Nutzpflanzenbiotechnologie, Getreidebiotechnologie, Zellbiologie/Intrazellulärer Proteintransport und -deposition, Molekulares Farming.
Produktion von rekombinanten Proteinen in Pflanzengeweben mit Schwerpunkt auf Samen, Zellbiologische Untersuchungen von Speichergeweben mit grundlagenwissenschaftlichen Fragestellungen und anwendungsorientierten Zielen, genetische Veränderung von Nutzpflanzen einschliesslich Getreidearten.
Leiterin: Univ.Prof. Mag. Dr. Eva Stöger
- Cereal Biotechnology
Our commitment to biotechnological applications comprises two main areas: Nutritional improvement of food and feed crops, and the production of pharmaceutical proteins in cereal grains. In this context we are engaged in programs targeting the molecular manipulation of the micronutrient content and bioavailability. These activities allowed us to generate and study germplasm with significantly increased amounts of bioavailable iron as a result of engineering individual genes, and we are now embarking on a study aiming at increased phosphorous uptake from cereal-based animal feed.
The use of transgenic crops for the production of value added compounds is a popular target of contemporary plant biotechnology. Using crop plants as “bioreactors” is particularly sensible for recombinant pharmaceutical proteins that are normally too expensive to produce through conventional means. This applies mostly to proteins that are required in large amounts for potential use in diagnosis and treatment of serious conditions such as certain cancer types, infectious diseases and allergies. Cereals are convincing candidate production vehicles because they do not contain toxic alkaloids, and because recombinant proteins are very stable in dry cereal seeds facilitating long-term storage and easy distribution prior to processing. We have recently demonstrated that recombinant therapeutic and diagnostic antibodies remain functional in dry transgenic wheat seeds even after storage at room temperature for more than two years. Wheat, maize and rice are particularly suitable because they are among the most important crops, with well-established agricultural and processing practices world-wide.
Over the last 10 years, recombinant protein expression in plants has progressed from proof-of-principle demonstrations to the point where several plant-made pharmaceuticals have already proven successful in clinical trials. Despite these advances, key limitations remain that hamper the transition from laboratory models to useful crop production systems.One constraint is for example the considerable variability in the levels of expression and accumulation that have been reported with different recombinant proteins. It is therefore essential to study the factors involved in recombinant protein accumulation, and to understand how they can be controlled. This can be achieved by understanding in detail the processes that regulate intracellular protein assembly and sorting: the efficiency of such processes correlates directly to the overall yield of biologically active protein. The optimization of protein folding, assembly and deposition is therefore to be envisaged as a key step for maximizing production and for meeting the specific requirements of a recombinant protein for a particular application. One of our main objectives is therefore to create a sound scientific basis to elucidate underlying processes that affect the expression and accumulation of recombinant proteins in the grain.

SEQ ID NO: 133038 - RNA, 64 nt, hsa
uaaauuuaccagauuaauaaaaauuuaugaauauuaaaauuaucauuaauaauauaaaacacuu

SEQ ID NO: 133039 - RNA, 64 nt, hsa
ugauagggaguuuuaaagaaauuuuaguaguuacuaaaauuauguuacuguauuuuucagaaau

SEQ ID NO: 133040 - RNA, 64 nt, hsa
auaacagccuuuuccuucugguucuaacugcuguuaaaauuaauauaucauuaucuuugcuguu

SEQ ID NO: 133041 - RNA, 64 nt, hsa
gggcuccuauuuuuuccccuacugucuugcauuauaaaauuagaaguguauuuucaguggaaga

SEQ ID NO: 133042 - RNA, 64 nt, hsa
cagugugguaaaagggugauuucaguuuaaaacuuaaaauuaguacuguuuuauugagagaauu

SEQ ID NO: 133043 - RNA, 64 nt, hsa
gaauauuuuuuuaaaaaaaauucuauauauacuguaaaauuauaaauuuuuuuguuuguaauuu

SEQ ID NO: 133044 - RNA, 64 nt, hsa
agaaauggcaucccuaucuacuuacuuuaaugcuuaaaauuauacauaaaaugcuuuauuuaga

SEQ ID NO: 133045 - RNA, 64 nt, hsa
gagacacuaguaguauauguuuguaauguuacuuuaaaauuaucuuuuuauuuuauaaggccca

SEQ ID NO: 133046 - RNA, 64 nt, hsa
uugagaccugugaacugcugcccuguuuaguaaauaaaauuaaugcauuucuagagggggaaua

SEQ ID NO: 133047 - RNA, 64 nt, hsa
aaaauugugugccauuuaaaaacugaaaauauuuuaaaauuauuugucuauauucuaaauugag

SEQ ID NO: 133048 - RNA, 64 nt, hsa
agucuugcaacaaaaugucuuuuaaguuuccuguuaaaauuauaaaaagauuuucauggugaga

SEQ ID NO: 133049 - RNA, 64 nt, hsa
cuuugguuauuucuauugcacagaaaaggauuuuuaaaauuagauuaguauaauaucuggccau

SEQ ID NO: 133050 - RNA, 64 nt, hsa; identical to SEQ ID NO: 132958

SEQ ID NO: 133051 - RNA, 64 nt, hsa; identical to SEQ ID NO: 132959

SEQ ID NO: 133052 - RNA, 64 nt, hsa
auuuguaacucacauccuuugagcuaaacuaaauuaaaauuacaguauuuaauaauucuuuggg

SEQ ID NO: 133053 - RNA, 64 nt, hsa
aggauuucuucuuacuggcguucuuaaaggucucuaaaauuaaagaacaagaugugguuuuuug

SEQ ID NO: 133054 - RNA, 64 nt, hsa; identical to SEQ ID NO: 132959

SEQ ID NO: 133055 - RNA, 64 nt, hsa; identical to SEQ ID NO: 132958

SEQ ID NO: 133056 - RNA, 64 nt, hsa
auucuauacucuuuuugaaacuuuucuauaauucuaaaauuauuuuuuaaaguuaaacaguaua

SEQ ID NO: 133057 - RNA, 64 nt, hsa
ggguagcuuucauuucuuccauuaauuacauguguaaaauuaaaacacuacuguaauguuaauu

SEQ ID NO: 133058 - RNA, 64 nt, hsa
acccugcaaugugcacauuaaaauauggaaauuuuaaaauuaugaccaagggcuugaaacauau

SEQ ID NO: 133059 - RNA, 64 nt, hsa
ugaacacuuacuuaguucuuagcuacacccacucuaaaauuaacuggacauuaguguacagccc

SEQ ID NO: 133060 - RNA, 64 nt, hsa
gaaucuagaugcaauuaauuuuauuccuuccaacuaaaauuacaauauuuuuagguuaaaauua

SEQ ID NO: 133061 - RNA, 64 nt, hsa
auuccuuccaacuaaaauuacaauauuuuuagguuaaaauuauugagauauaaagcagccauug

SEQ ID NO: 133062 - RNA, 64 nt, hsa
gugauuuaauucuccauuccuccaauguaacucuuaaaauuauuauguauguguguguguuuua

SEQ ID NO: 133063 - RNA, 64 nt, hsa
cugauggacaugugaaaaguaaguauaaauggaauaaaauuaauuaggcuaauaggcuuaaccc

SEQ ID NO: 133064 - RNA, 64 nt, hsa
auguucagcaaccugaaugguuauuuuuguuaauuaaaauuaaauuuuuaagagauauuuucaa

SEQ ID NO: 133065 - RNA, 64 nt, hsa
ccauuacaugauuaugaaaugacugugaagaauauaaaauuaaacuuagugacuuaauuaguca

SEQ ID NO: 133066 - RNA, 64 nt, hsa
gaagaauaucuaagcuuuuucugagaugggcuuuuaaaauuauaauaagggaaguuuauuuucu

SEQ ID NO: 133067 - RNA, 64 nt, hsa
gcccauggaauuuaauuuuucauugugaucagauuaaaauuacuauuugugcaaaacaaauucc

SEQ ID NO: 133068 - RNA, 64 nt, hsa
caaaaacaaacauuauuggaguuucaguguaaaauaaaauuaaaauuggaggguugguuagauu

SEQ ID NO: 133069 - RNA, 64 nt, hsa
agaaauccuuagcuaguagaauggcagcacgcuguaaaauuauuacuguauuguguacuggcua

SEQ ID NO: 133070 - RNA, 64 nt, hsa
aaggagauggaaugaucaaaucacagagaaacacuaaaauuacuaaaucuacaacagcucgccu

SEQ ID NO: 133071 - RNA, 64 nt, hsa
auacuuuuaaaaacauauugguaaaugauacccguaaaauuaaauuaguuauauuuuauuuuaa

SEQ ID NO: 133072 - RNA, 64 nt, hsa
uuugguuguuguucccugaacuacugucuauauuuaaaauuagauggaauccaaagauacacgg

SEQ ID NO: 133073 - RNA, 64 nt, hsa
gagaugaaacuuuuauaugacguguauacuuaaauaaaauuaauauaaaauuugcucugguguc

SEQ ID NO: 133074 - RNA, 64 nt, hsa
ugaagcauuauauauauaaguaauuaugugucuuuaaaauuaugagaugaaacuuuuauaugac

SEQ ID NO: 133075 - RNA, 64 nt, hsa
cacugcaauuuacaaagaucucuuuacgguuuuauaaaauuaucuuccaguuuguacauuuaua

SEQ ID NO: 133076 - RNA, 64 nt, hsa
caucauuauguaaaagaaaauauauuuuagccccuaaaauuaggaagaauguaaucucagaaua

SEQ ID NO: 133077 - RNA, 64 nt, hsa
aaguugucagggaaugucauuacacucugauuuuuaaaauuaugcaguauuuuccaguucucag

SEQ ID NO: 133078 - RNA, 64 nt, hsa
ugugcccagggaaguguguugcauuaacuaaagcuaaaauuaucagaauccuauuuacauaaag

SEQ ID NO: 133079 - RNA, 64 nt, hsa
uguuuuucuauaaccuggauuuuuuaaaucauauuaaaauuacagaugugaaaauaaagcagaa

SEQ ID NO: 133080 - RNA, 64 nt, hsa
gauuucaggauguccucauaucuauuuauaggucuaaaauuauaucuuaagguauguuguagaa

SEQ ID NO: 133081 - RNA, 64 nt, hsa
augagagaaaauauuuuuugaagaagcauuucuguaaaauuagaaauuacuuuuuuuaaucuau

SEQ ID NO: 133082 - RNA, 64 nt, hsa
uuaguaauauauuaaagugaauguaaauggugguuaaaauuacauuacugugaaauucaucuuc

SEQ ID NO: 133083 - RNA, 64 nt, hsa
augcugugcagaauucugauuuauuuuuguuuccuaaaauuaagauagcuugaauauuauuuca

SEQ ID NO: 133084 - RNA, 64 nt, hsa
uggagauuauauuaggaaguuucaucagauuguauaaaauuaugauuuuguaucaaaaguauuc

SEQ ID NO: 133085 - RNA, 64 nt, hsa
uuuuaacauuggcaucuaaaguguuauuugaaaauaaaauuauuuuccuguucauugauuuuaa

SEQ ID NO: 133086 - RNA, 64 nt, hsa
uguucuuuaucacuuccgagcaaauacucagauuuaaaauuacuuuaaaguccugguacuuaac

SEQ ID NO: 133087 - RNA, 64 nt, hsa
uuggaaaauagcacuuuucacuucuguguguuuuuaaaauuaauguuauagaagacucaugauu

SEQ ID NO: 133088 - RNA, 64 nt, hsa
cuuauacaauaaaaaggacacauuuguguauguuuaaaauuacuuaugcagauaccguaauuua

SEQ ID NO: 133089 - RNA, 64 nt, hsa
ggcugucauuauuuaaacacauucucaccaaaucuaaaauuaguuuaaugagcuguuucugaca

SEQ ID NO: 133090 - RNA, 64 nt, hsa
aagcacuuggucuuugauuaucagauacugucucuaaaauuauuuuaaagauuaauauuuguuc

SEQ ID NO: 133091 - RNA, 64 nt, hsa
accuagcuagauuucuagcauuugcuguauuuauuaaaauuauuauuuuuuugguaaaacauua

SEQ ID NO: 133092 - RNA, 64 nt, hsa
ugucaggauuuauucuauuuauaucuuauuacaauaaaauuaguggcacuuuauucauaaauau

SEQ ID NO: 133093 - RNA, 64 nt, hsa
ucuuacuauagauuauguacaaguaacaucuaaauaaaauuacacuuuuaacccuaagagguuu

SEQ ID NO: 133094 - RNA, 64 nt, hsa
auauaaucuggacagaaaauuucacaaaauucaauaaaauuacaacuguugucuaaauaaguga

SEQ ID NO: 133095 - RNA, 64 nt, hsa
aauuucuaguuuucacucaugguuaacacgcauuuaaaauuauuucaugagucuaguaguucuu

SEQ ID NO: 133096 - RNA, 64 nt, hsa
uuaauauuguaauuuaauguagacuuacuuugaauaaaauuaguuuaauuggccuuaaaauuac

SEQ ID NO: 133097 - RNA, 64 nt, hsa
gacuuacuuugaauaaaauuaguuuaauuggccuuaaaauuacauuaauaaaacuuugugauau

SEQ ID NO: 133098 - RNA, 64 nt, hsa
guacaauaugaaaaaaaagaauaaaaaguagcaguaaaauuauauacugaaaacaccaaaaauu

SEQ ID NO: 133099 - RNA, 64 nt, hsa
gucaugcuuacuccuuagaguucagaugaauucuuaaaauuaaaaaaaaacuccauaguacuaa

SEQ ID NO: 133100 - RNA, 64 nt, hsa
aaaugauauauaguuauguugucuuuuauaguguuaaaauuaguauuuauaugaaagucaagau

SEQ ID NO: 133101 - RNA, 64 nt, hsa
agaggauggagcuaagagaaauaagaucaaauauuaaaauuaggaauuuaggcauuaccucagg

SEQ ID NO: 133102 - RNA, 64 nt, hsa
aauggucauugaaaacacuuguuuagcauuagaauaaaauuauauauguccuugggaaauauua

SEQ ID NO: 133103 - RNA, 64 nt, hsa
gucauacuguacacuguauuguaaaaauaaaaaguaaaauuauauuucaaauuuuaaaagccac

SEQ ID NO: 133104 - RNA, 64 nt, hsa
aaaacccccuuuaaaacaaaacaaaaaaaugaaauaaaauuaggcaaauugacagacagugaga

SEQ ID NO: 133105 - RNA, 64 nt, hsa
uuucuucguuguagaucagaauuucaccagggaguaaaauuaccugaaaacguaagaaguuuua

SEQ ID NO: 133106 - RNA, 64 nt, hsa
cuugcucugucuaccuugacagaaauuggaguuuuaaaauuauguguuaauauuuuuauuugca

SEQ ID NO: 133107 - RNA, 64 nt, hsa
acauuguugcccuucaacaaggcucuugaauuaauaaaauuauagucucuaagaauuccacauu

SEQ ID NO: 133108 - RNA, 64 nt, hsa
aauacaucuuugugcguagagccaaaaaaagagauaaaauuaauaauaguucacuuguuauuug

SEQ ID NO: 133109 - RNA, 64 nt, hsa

The study of protein trafficking within the secretory pathway of plant cells is particularly complex in the cereal endosperm because of prominent and functionally distinct types of protein bodies. Unlike dicotyledonous plants, cereals synthesize different classes of storage proteins with different solubility. Prolamines are soluble in dilute alcohol, whereas globulins are salt-soluble. Most globulins are, after initial translocation into the lumen of the endoplasmic reticulum (ER), transported via the Golgi apparatus and utilize targeting information to reach the storage vacuole. Prolamines are synthesized on the ER but their transportation and deposition as protein bodies differ between cereal species. In maize and rice, prolamines remain within the ER and aggregate into protein bodies by direct enlargement of the ER. In wheat, the situation is less clear with observations indicating either a similar direct deposition in the ER, transport to the protein bodies via the Golgi apparatus, or a combination of both routes. Gliadins appear to follow the standard secretory pathway, via the Golgi to the vacuole, whereas glutenins appear to accumulate directly within the lumen of the ER. Over the last years, we have gathered information on the expression and targeting of immunoglobulins and other mammalian and plant proteins in different plant species, including cereals. Interestingly, we found that different recombinant proteins that are controlled by the same regulatory and targeting sequences behave differently according to tissue and plant type. We are now investigating the mechanisms that determine the fate of these recombinant molecules in the endosperm of cereals. Seeds are attractive targets for a number of molecular farming applications, and therefore these results will help us to define methods for optimising the yield and ease of purification of complex multimeric proteins in transgenic crop plants, including cereals, such as rice, maize and wheat.
Scanning Electron Microscopy (SEM)